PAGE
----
In his last few days in office, Trump is scrambling to sell an Indigenous holy site to a mining company

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Donald Trump's presidency is finally coming to an end, and the administration is using its dwindling days in power to lock in as much of Trump's agenda as possible. The latest effort, according to The Guardian, includes an attempt to sell a large stretch of land located in the Arizona desert to a mining company despite the area being considered a holy site by indigenous Native American tribes.

Arizona's Oak Flat is a picturesque sprawl sitting out in the desert. Located in the southeastern part of the state, the area has become a popular destination for campers and rock climbers thanks to its tall rock spires. It is also a cultural touchstone for several Native American tribes in the region. That includes the Apache tribe, which was settled into the San Carlos Apache Indian Reservation in 1871.

Unfortunately, the land also has considerable value to miners. Oak Flat is believed to be home to one of the largest copper deposits in the world. Ever since that reserve was discovered in 1995, mining companies have been trying to get permission to excavate the area of its natural resource. Despite plenty of pressure and efforts to gain access to the land, mining companies thus far have largely been fended off. But Trump is looking to change that before his term officially comes to an end.

The Guardian reported that the Trump administration is planning to transfer ownership of the Oak Flat area to Resolution Copper, a mining operation that is the subsidiary of two Australian parent companies: Rio Tinto and BHP. Native American tribes were made aware of the administration's intention to sell the land last month, and were alarmed to learn the speed at which Trump's federal government was moving to finalize the deal. A planned environmental review process scheduled to take place next year was pushed up to December 2020, and it appears that the administration fully intends to rush the process in hopes of finalizing the sale before Trump is set to leave office on January 20, 2021.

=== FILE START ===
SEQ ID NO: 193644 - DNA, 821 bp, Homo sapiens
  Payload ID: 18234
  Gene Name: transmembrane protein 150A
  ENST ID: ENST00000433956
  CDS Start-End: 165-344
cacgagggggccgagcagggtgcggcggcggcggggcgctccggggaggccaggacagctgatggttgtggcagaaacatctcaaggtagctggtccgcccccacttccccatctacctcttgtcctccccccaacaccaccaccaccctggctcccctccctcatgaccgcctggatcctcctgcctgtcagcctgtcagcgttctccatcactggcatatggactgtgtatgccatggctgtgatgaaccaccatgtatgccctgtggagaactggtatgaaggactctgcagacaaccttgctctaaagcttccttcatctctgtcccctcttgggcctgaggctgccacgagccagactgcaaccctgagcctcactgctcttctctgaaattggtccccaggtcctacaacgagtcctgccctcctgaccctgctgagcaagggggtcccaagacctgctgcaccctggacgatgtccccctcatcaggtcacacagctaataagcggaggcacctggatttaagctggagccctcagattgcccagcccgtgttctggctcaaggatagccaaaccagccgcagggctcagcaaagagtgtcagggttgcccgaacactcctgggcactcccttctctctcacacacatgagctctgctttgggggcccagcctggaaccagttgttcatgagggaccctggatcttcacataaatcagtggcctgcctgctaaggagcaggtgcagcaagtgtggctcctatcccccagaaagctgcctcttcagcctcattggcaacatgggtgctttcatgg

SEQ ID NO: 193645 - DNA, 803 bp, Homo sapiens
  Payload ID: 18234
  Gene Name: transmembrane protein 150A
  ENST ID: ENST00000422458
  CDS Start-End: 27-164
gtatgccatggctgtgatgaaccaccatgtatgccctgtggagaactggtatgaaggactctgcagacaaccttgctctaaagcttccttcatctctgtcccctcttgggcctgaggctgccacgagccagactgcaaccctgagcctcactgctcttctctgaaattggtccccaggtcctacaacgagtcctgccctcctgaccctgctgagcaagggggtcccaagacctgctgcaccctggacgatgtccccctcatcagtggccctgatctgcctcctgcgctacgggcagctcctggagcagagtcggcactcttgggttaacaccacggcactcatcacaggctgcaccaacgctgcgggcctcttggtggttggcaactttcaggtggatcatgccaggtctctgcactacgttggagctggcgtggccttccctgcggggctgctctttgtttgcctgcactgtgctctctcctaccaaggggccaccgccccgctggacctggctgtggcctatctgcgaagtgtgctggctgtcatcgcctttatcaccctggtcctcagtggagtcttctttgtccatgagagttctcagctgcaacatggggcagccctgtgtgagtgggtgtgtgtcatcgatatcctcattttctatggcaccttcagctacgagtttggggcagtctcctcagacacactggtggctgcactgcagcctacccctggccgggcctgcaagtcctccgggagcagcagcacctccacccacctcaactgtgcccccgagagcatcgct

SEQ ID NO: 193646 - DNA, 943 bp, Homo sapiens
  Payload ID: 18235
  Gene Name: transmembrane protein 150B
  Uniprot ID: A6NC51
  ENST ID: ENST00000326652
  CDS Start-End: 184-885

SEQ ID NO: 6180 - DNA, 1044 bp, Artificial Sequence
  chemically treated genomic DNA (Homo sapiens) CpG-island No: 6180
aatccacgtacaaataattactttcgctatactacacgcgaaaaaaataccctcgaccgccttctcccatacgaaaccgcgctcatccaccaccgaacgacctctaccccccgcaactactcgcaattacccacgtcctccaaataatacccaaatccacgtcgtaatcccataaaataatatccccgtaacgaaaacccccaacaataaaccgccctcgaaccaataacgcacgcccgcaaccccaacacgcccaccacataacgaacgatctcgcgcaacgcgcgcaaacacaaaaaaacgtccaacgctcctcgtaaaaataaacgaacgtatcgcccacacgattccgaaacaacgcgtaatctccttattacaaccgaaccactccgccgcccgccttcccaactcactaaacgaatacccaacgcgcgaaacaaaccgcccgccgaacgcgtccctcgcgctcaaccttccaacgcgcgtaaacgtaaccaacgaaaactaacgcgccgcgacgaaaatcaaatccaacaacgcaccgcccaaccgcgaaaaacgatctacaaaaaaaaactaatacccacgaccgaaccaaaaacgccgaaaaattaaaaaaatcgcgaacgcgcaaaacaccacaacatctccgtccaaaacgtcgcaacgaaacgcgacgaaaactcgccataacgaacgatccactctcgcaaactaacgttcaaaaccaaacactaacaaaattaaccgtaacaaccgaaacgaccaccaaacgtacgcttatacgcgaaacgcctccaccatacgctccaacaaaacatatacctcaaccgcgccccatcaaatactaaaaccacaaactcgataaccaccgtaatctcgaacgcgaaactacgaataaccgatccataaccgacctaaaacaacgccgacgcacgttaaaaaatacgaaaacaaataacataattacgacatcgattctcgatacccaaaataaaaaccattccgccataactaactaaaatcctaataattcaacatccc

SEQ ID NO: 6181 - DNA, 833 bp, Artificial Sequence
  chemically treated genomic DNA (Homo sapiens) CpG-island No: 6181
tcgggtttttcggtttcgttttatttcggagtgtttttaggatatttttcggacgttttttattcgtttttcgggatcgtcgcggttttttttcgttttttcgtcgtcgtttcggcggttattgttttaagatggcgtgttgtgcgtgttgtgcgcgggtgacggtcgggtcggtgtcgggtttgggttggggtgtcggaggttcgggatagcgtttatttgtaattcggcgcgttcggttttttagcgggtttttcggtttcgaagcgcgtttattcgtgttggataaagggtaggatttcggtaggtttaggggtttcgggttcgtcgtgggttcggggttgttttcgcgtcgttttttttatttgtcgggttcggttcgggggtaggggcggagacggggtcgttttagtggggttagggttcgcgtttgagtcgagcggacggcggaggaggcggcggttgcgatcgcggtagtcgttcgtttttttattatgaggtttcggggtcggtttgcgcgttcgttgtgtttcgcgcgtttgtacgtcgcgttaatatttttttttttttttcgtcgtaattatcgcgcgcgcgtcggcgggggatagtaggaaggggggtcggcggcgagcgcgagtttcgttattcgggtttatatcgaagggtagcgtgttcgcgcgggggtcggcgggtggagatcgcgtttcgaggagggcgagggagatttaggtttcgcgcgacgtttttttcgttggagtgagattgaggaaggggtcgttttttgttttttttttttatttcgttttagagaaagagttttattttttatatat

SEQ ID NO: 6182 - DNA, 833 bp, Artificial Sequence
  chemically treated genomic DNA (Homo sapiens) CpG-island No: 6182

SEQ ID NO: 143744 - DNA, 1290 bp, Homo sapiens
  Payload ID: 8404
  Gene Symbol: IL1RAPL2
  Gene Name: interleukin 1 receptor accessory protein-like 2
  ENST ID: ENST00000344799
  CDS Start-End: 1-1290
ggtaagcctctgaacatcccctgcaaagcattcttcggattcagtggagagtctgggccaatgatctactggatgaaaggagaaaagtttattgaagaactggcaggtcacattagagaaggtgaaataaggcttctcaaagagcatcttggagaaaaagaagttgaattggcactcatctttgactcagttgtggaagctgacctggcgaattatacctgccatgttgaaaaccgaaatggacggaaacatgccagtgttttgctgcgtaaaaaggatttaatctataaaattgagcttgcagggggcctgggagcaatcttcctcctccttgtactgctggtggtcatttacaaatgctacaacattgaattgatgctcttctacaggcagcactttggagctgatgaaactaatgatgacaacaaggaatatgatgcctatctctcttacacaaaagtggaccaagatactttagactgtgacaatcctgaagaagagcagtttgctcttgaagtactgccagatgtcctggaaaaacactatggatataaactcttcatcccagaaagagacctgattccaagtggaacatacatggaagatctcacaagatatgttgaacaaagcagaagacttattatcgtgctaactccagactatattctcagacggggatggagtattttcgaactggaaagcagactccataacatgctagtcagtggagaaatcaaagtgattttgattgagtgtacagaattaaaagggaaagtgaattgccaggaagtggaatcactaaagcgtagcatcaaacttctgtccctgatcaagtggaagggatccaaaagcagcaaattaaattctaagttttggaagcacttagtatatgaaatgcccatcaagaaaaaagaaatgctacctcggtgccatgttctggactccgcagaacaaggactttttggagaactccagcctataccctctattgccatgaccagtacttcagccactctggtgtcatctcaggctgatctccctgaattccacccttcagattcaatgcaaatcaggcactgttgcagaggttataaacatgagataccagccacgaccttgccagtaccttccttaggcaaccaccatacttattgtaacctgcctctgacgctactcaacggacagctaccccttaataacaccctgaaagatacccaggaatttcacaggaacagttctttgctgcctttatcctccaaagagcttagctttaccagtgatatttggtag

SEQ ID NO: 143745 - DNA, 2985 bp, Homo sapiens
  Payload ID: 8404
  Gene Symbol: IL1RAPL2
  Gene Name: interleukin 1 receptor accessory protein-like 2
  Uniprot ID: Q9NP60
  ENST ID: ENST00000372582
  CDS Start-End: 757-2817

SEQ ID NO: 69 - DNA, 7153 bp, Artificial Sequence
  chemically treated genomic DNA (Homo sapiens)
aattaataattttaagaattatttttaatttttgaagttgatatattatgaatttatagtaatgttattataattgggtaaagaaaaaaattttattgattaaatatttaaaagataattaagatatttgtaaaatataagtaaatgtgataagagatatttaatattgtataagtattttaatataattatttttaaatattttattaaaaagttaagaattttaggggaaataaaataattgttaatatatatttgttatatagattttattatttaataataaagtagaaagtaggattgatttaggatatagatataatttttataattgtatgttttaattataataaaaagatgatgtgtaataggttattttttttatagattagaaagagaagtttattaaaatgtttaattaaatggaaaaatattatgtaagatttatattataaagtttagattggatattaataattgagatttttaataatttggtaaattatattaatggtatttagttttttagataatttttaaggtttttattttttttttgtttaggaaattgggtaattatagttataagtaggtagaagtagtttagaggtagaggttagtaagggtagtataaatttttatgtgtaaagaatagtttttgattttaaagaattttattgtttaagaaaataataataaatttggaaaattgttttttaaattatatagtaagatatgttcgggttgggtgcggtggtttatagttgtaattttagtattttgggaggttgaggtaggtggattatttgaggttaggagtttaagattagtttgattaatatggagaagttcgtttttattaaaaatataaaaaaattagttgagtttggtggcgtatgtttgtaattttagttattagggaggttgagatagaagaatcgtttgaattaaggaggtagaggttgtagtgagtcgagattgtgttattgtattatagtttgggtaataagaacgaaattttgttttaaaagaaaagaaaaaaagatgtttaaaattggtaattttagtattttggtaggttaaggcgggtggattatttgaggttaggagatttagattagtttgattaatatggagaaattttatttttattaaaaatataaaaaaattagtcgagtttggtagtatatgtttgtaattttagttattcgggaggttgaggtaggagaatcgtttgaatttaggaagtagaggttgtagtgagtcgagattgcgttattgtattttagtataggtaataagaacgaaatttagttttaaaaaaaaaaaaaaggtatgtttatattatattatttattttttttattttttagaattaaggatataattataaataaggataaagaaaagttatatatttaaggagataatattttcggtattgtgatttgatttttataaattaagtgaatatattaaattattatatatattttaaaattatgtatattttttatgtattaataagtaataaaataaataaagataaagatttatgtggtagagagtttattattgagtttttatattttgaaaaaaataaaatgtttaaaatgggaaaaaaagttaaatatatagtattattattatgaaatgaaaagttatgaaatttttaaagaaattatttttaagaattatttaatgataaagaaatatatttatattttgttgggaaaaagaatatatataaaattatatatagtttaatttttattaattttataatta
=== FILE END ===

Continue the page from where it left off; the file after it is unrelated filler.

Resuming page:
These tribes are no strangers to having to fight the government to maintain control of the sacred land. In 2014, the Obama administration signed into law a mining bill that would have handed over control of several thousand acres of Oak Flat to mining companies. Significant protest and uproar, led by Native American groups including the San Carlos Apache tribe, eventually pushed Obama to act and preserve the land. In 2016, the US Forest Service added Oak Flat to the National Register of Historic Places, which placed new barriers in front of those mining efforts.

Trump's renewed interest in selling the land, even as the sun sets on his administration, is particularly troubling. The Trump administration has been known for ignoring regulations and bypassing necessary environmental protections as a favor to the mining industry. Trump has also made clear that he plans to lock in as much damage to the planet as he possibly can before leaving office. In addition to trying to rush through the sale of Oak Flat, Trump's administration has also been trying to rally companies to lease land for oil drilling in Alaska’s Arctic National Wildlife Refuge before the Biden administration takes office and ends those efforts.

Making matters even worse in Oak Flat is the potential new owner of the land. Should the Trump administration successfully complete its expedited sale, ownership will transfer to a company that has been associated with the destruction of Aboriginal sites in Australia. Last year, Rio Tinto destroyed a 46,000-year-old Aboriginal site in order to build an iron ore mine. A similar history is at stake if the company gets its hands on Oak Flat, which is home to Apache burial grounds, ancient rock carvings, and other important markers of history and tribal culture.

Certainly, none of this resonates with Donald Trump. He would rather sell the site off, history and potential environmental hazards be damned. It’s fitting that the man who called the Dow Jones Industrial Average“sacred” would rather sell actual sacred land for profit than protect it.